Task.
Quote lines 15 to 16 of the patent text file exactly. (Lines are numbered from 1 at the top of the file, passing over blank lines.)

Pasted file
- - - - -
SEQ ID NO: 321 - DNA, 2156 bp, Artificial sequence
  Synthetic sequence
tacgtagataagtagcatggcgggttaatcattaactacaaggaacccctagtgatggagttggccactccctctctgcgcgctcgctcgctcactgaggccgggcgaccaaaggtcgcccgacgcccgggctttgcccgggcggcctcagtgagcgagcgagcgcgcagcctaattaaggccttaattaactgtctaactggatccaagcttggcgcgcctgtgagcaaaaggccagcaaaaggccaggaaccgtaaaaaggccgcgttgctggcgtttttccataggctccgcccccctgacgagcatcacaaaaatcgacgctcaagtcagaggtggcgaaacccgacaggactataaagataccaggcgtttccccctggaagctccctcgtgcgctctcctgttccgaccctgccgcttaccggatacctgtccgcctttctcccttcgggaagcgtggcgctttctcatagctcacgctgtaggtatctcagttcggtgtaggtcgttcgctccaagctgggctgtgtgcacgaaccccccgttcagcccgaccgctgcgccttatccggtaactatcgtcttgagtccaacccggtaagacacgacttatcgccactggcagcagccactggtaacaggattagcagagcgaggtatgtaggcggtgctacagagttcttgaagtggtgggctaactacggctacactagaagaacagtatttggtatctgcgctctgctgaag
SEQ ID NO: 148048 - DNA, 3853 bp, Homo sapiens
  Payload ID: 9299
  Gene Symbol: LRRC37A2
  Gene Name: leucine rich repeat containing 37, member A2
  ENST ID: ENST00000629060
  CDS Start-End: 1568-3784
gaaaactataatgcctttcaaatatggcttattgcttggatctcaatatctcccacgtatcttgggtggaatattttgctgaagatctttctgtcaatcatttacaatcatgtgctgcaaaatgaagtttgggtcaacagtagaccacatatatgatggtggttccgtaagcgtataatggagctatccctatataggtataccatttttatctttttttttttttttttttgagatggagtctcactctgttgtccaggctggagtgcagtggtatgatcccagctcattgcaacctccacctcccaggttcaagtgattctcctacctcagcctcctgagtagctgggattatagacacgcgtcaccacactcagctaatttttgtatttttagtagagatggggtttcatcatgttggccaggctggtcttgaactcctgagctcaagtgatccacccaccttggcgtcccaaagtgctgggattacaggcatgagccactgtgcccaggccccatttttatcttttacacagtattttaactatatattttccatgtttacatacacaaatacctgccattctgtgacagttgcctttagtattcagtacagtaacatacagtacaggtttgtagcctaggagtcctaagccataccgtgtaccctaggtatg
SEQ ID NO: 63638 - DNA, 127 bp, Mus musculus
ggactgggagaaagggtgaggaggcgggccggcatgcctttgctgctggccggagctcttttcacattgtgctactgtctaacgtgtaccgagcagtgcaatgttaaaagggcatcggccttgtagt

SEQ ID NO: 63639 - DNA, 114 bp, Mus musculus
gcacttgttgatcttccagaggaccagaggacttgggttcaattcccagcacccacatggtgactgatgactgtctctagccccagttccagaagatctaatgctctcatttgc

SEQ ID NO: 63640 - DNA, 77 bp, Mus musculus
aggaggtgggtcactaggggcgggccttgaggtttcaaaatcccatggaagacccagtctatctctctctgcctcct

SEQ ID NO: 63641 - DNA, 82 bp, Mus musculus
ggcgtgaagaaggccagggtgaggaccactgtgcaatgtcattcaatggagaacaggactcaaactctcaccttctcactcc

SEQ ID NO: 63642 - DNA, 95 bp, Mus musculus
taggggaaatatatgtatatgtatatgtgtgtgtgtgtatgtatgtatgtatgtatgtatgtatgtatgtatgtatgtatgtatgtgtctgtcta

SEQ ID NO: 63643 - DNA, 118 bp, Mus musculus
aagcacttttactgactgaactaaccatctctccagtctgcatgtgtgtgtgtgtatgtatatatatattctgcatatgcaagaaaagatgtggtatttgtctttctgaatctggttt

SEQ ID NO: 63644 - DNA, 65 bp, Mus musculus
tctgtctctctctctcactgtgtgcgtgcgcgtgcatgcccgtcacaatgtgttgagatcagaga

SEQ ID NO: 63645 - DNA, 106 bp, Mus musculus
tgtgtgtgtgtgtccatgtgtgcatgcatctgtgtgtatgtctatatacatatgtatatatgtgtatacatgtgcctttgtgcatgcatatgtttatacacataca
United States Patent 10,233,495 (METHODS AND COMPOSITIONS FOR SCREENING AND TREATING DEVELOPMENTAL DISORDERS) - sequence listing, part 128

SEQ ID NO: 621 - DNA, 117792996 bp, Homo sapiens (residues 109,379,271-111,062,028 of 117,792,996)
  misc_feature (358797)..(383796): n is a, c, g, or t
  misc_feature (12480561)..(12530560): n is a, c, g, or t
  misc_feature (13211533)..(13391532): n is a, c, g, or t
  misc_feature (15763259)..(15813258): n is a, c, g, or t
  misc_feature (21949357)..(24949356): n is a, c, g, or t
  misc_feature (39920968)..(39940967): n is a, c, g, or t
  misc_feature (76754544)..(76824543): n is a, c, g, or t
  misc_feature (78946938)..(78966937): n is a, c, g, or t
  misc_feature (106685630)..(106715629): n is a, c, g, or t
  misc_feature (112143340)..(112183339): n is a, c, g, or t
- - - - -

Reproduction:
SEQ ID NO: 63640 - DNA, 77 bp, Mus musculus
aggaggtgggtcactaggggcgggccttgaggtttcaaaatcccatggaagacccagtctatctctctctgcctcct